In the U.S., 65 percent of adults need weight loss treatment, according to The Obesity Society. That equates to 140 million American adults, and of those, 32 million are likely candidates for getting bariatric surgery.
Yet even if all of those adults started a medically supervised weight loss treatment program, chances are they would rebound or fail to reach their goals. Keeping patients motivated with medically supervised weight loss adherence tools is challenging. Yet it is possible. To assist you in this task, here are four tools that are universally understood to benefit weight loss goals.
The most instrumental part of medically supervised weight loss patients tend to overlook is nutrition. Without a nutritious diet, fatigue, muscle loss, bone density loss, and rebounding hunger problems can set in. The biggest problem for most people is convenience. Due to work and life schedules, nutritious food needs to be readily available for quick access.
That’s where food pouches that contain real, organic ingredients, such as Achieve, are highly beneficial. Additionally, food pouches like these are filled with the daily recommended allowance of vitamins, minerals, protein, sodium, and other necessary ingredients. These foods are filling and require zero prep for a meal that is far faster than even a fast-food pickup window.
For patients who are part of a weight loss program, a daily intake of supplements is a new fact of life. According to the American Society for Metabolic and Bariatric Surgery, bariatric surgery patients in particular will need to take vitamin and mineral supplements every day for the rest of their lives.
However, most adults need to take a multivitamin in order to get the proper amount of nutrition. They may also require the addition of iron, calcium, vitamin D, or vitamin B12 supplements depending on your dietary intake.
The reason for supplementation is to ensure proper nutrition. A lack of nutrition causes the brain to send a message of hunger, when in fact it’s a matter of simply not getting the right amount of vitamins and minerals to support the body.
As patients transition to healthier eating habits filled with nutritious foods, they need to hold themselves accountable. Encourage them to start a food journal where they write down everything they eat and drink, every day. They should commit to keeping this record for at least 30 days starting out. Then they should look back over their logged items and see where they succeeded, and at the meals or days where they may have slipped up.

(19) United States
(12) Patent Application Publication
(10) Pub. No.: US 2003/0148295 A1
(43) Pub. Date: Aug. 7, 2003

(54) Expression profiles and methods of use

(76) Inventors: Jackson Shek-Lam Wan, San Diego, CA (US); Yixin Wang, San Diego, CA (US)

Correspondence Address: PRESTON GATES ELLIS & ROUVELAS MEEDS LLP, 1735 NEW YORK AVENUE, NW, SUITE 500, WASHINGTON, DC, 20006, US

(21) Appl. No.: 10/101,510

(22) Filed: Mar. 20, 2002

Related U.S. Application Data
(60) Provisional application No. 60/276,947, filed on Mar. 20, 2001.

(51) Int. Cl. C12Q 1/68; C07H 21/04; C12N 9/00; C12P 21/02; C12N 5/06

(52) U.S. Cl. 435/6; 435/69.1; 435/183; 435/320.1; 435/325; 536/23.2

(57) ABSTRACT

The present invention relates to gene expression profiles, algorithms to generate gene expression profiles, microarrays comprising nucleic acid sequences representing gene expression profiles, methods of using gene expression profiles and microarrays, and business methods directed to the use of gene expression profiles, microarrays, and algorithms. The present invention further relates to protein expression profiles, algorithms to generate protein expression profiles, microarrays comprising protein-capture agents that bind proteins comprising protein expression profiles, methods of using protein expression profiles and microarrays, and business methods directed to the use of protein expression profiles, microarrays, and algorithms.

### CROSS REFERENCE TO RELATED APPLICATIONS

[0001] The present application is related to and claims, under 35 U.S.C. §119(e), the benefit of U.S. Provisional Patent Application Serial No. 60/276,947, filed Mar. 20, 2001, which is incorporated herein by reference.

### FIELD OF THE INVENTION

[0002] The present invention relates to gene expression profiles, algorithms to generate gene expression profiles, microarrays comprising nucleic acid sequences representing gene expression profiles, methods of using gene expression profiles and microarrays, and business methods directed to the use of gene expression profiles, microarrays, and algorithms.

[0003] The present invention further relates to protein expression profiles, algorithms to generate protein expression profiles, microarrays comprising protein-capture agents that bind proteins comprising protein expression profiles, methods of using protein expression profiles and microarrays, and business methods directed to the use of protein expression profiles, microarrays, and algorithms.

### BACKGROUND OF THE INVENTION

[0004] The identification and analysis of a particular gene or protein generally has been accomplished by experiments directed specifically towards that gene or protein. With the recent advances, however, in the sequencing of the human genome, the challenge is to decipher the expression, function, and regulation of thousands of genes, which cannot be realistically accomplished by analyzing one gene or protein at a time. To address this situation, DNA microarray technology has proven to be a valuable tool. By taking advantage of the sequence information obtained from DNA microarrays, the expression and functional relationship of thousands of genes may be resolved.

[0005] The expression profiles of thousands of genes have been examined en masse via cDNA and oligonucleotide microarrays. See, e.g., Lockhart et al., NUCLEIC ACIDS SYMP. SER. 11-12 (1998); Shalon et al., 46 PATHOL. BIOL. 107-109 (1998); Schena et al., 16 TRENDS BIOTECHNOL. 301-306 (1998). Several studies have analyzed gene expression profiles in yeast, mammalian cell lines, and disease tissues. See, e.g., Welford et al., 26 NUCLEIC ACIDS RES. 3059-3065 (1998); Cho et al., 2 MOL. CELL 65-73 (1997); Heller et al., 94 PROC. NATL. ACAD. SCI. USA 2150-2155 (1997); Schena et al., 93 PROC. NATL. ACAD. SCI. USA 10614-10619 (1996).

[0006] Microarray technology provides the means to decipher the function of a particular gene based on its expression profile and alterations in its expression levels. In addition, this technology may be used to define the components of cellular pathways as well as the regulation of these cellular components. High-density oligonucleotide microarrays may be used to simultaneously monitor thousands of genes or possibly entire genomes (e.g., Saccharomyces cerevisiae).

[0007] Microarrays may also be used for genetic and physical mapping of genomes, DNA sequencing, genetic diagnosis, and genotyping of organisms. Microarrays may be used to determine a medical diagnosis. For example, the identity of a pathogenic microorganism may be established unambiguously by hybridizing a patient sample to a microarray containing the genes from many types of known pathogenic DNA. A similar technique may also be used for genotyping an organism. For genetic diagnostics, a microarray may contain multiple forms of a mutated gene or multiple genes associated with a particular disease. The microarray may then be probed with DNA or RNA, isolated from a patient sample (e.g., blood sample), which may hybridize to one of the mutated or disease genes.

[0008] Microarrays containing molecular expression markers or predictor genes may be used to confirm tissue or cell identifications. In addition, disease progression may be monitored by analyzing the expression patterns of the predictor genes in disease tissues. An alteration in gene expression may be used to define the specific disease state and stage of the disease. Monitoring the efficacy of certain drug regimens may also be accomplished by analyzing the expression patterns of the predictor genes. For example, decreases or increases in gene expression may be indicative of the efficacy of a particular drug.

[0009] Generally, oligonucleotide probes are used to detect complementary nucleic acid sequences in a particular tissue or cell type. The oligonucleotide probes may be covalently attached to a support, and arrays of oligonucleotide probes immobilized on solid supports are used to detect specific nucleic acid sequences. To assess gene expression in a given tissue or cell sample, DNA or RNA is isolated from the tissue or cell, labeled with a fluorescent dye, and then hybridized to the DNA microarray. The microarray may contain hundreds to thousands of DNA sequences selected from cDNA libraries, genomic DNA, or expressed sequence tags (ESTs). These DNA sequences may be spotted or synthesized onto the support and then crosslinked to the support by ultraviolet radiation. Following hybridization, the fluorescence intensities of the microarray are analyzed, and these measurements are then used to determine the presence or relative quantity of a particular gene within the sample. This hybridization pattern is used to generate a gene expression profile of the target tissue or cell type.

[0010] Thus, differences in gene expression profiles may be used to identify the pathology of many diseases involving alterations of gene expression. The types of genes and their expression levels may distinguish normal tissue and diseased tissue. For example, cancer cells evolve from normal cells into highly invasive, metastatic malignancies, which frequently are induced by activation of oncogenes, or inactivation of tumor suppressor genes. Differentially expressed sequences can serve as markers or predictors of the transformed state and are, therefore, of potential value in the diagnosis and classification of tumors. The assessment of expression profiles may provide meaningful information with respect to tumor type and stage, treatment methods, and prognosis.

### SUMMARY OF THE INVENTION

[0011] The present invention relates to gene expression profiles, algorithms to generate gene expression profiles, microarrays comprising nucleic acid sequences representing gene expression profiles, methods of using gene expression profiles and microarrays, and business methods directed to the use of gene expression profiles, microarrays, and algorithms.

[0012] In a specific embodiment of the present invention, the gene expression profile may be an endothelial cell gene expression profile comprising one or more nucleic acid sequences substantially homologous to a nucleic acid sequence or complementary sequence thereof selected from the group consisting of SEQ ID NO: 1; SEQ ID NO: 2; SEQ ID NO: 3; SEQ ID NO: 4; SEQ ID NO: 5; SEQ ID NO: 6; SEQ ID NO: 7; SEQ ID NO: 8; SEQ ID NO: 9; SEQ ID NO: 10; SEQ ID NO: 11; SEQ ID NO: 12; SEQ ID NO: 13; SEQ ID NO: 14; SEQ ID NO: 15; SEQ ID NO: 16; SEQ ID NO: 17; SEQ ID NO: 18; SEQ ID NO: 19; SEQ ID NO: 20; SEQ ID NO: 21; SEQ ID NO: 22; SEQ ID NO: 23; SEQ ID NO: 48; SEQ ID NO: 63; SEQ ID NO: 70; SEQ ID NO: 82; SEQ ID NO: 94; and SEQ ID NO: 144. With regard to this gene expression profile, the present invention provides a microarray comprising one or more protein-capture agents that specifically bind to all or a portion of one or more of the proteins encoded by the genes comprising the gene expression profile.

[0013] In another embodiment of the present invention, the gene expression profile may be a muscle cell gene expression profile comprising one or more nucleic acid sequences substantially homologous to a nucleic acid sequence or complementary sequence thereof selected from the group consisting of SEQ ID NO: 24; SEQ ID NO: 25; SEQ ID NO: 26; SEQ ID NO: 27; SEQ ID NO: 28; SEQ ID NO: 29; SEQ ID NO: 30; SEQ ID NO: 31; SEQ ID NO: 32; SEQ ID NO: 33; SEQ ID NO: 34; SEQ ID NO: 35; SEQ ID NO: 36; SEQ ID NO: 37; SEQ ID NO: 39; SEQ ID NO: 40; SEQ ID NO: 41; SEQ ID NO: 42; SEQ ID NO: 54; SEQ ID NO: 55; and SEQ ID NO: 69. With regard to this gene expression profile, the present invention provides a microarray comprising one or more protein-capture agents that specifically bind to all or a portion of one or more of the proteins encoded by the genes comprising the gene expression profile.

In addition to writing down everything they eat, patients should also include a section in their food journals that allows them to write down how they were feeling at each meal, as well as their personal thoughts for that day. This way, when they go back through their journal entries, they can determine life stressors, personal events, health issues, or other factors that affect how they eat. For a free food journal check out the downloadable resource available from the American Heart Association. Print this out or use it as a guide to help your patients set up their own food journals.
Even patients who have never stepped a foot inside of a fitness center can benefit from personal trainers. Personal trainers are fitness experts who are trained to help anyone, at any health level, to improve their wellbeing through exercise. These professionals will teach new ways to exercise that best suit individual lifestyles.
In fact, patients who are new to exercise should meet with a personal trainer who can monitor their movements to reduce risk of injury or strain. Implementing safe and effective exercises will boost their moods, which will help reduce rebounding or stress eating. The endorphins you get from exercise are naturally designed to reduce stress, as noted by the Anxiety and Depression Association of America. And without a doubt, exercise is one of the most beneficial medically supervised weight loss adherence tools available.